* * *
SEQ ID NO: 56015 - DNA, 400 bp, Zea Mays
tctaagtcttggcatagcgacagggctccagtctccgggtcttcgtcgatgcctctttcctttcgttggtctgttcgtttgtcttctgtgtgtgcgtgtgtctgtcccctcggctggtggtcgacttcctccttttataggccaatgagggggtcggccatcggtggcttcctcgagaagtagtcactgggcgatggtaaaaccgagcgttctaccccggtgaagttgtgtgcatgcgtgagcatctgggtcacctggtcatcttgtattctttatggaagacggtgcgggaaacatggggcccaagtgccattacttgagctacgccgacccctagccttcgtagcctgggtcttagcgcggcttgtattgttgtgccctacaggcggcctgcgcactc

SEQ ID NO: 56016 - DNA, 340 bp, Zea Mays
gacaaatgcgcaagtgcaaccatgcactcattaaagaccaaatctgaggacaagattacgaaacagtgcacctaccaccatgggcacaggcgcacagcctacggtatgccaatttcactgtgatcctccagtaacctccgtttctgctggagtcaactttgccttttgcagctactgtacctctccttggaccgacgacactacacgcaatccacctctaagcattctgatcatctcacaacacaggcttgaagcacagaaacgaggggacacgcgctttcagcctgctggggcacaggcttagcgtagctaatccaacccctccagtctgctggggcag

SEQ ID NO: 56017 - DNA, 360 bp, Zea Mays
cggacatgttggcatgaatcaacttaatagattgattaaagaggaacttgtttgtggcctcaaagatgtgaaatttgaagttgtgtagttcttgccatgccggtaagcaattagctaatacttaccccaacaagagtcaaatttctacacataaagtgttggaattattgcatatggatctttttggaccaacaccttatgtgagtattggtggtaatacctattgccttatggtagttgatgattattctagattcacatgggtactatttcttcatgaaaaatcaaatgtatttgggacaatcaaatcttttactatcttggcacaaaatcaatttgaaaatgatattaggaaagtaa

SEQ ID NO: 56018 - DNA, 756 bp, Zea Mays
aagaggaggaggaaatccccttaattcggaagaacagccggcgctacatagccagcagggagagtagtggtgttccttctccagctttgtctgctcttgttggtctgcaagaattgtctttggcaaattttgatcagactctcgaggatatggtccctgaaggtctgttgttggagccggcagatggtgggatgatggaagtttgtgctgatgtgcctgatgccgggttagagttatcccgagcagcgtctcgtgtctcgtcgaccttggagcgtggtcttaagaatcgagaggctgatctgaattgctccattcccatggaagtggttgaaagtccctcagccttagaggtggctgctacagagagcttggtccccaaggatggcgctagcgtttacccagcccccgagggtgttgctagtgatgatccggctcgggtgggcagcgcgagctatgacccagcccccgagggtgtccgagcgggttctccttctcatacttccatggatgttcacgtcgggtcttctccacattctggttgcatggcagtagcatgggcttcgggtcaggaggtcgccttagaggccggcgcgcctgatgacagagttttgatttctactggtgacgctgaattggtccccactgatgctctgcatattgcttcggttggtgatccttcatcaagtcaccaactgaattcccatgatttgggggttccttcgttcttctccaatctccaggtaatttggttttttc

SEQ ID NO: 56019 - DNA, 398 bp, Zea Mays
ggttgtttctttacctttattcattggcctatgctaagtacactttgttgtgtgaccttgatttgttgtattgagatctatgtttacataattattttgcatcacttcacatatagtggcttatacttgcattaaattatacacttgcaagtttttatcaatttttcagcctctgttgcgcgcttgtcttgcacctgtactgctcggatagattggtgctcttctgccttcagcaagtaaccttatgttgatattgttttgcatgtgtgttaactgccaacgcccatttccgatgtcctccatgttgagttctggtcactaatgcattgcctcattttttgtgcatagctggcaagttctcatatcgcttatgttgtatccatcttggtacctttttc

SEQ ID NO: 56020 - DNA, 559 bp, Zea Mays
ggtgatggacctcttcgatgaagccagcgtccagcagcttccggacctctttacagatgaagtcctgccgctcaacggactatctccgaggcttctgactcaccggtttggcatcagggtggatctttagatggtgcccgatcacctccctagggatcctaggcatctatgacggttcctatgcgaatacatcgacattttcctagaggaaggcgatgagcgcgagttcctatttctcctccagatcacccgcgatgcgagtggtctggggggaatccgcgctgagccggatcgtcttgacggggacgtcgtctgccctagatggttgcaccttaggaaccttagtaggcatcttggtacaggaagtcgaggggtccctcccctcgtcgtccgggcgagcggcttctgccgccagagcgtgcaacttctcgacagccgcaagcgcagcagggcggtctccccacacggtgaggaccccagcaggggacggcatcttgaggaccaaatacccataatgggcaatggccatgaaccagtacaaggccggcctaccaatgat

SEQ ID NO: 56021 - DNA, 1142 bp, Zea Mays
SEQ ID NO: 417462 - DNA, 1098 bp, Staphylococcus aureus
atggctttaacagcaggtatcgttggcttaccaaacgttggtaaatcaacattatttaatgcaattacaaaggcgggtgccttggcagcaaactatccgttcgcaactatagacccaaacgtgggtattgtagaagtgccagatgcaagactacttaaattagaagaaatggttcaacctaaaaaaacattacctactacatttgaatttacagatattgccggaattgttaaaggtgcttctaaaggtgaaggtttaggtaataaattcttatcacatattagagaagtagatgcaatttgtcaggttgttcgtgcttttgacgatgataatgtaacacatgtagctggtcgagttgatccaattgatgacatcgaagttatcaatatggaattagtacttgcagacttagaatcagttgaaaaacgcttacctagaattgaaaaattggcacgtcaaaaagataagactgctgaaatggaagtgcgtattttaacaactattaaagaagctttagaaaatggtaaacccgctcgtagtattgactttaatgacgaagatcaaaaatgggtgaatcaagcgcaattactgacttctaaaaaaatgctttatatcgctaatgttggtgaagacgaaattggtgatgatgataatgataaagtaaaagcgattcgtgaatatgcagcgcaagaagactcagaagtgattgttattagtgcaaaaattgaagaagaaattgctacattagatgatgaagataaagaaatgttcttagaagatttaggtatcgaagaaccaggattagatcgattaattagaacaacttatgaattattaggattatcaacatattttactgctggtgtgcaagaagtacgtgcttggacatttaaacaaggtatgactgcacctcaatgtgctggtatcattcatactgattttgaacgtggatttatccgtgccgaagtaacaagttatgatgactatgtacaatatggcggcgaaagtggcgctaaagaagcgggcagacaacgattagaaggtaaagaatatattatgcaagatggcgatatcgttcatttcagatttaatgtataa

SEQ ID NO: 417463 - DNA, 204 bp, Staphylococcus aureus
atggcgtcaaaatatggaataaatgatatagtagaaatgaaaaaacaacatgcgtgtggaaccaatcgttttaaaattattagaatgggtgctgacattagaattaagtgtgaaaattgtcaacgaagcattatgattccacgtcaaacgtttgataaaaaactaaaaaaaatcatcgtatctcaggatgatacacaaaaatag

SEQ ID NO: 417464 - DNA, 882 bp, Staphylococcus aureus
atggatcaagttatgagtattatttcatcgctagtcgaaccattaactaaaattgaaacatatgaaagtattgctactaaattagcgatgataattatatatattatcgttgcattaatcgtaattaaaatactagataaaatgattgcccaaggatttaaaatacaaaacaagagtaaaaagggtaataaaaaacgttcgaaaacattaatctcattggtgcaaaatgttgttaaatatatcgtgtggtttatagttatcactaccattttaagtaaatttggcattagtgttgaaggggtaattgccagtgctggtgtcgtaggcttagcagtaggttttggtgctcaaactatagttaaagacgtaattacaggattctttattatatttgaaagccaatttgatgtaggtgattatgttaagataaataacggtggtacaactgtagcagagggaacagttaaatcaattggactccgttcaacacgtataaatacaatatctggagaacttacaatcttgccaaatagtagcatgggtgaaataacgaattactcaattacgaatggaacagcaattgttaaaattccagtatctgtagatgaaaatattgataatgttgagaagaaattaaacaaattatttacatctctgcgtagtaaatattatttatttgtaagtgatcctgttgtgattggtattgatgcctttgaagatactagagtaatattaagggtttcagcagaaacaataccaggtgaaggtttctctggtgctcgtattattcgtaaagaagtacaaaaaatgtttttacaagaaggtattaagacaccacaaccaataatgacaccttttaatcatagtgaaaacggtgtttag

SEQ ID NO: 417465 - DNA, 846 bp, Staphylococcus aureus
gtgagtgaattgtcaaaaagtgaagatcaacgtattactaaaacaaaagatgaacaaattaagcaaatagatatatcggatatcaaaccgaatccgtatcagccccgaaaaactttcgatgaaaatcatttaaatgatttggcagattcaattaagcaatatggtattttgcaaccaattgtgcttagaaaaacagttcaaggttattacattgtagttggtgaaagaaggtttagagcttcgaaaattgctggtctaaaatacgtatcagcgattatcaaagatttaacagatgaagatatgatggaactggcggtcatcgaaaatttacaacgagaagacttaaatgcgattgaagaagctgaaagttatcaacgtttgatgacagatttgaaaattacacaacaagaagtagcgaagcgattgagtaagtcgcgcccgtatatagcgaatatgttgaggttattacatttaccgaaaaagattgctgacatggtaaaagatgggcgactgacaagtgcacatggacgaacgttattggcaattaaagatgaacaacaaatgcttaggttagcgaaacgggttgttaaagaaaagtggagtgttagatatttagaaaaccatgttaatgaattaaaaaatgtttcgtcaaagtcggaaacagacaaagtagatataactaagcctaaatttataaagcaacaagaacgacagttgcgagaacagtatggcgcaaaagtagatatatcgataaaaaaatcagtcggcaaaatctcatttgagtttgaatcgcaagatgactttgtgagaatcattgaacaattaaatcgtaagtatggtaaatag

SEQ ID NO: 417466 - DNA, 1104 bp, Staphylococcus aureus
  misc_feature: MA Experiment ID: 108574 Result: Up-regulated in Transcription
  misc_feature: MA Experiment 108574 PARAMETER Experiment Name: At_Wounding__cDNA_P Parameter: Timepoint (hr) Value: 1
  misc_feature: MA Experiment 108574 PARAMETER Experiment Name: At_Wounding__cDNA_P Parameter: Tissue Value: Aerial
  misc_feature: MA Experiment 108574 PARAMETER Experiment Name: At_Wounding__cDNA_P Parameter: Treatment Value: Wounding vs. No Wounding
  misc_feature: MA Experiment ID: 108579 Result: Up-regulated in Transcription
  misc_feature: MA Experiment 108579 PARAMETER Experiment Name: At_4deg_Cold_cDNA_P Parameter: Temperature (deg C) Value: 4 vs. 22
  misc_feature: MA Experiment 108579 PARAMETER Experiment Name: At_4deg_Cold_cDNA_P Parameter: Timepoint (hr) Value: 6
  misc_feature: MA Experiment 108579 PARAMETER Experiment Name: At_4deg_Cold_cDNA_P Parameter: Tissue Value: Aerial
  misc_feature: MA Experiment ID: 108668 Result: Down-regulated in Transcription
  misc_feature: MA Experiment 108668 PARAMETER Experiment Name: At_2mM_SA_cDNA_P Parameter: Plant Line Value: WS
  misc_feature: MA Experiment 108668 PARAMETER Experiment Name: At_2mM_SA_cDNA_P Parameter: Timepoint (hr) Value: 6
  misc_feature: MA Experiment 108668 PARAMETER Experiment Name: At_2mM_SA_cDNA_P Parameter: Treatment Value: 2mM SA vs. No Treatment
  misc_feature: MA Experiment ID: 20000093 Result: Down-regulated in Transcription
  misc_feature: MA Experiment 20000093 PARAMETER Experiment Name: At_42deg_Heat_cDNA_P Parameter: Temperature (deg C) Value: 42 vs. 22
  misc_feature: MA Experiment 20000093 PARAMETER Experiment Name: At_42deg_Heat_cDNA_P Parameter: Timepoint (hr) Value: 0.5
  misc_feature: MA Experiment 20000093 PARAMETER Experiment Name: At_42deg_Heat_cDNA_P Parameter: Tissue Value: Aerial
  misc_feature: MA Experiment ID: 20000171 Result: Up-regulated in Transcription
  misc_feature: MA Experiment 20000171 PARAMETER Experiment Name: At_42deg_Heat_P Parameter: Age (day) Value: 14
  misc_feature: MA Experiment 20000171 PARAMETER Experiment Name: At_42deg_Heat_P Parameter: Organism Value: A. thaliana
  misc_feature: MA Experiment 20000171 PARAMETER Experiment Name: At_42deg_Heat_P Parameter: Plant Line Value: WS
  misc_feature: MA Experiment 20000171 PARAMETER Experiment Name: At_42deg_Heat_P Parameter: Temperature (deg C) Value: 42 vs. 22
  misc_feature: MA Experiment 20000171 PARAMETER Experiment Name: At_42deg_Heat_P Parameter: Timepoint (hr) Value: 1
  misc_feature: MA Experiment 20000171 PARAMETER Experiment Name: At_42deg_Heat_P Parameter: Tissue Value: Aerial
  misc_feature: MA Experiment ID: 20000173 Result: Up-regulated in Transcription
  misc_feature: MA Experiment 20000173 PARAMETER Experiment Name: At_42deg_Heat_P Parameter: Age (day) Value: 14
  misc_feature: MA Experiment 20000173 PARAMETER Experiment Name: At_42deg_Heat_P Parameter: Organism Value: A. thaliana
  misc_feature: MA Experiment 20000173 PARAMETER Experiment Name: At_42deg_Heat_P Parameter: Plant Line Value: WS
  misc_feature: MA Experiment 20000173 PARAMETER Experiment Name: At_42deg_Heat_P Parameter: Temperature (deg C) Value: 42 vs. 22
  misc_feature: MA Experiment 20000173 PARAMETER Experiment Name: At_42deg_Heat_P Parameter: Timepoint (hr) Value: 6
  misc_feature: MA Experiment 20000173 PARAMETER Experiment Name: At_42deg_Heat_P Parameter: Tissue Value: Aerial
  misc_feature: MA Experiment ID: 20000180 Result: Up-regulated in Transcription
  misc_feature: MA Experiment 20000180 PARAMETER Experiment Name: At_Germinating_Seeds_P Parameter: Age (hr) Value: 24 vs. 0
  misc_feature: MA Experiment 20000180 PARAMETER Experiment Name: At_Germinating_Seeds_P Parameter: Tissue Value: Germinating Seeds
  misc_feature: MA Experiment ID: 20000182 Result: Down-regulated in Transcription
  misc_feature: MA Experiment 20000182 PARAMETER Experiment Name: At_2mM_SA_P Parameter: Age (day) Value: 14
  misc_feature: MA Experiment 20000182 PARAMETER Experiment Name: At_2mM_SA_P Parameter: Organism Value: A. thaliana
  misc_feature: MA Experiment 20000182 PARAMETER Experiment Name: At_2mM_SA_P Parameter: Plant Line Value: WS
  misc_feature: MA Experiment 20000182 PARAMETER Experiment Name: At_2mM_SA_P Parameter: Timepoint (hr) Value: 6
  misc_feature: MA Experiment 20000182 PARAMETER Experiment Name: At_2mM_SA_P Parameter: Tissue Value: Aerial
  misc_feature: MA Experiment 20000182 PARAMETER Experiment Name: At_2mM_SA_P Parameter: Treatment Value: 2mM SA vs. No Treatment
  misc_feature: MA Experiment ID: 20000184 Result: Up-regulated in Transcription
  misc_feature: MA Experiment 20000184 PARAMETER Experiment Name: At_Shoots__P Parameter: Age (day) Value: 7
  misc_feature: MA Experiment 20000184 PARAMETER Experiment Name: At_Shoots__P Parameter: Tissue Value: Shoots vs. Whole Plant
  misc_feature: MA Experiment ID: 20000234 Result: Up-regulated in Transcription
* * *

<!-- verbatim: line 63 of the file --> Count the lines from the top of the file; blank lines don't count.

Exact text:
  misc_feature: MA Experiment ID: 20000184 Result: Up-regulated in Transcription